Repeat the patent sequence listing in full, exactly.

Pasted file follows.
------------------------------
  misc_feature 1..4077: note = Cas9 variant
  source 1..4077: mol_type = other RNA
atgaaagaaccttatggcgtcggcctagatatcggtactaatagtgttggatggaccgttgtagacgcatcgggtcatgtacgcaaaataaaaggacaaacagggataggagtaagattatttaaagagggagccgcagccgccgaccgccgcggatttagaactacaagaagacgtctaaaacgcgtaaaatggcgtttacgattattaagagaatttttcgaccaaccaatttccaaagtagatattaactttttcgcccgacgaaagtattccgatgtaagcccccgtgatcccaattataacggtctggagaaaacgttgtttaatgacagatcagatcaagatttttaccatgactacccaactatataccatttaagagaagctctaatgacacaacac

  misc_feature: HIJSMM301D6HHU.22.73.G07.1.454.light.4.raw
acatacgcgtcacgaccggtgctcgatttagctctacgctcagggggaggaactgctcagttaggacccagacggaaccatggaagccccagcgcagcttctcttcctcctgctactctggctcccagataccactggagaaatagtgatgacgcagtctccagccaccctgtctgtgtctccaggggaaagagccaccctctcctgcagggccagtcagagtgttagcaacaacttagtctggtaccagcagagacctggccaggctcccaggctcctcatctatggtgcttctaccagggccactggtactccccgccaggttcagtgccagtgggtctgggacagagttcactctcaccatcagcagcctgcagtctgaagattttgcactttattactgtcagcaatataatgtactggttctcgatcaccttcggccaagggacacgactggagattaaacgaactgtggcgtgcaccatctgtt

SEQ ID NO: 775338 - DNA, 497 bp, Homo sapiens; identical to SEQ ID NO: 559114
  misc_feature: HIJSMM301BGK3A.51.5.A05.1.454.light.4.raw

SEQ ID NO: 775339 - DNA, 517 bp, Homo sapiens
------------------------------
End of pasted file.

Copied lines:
  misc_feature 1..4077: note = Cas9 variant
  source 1..4077: mol_type = other RNA
atgaaagaaccttatggcgtcggcctagatatcggtactaatagtgttggatggaccgttgtagacgcatcgggtcatgtacgcaaaataaaaggacaaacagggataggagtaagattatttaaagagggagccgcagccgccgaccgccgcggatttagaactacaagaagacgtctaaaacgcgtaaaatggcgtttacgattattaagagaatttttcgaccaaccaatttccaaagtagatattaactttttcgcccgacgaaagtattccgatgtaagcccccgtgatcccaattataacggtctggagaaaacgttgtttaatgacagatcagatcaagatttttaccatgactacccaactatataccatttaagagaagctctaatgacacaacac

  misc_feature: HIJSMM301D6HHU.22.73.G07.1.454.light.4.raw
acatacgcgtcacgaccggtgctcgatttagctctacgctcagggggaggaactgctcagttaggacccagacggaaccatggaagccccagcgcagcttctcttcctcctgctactctggctcccagataccactggagaaatagtgatgacgcagtctccagccaccctgtctgtgtctccaggggaaagagccaccctctcctgcagggccagtcagagtgttagcaacaacttagtctggtaccagcagagacctggccaggctcccaggctcctcatctatggtgcttctaccagggccactggtactccccgccaggttcagtgccagtgggtctgggacagagttcactctcaccatcagcagcctgcagtctgaagattttgcactttattactgtcagcaatataatgtactggttctcgatcaccttcggccaagggacacgactggagattaaacgaactgtggcgtgcaccatctgtt

SEQ ID NO: 775338 - DNA, 497 bp, Homo sapiens; identical to SEQ ID NO: 559114
  misc_feature: HIJSMM301BGK3A.51.5.A05.1.454.light.4.raw

SEQ ID NO: 775339 - DNA, 517 bp, Homo sapiens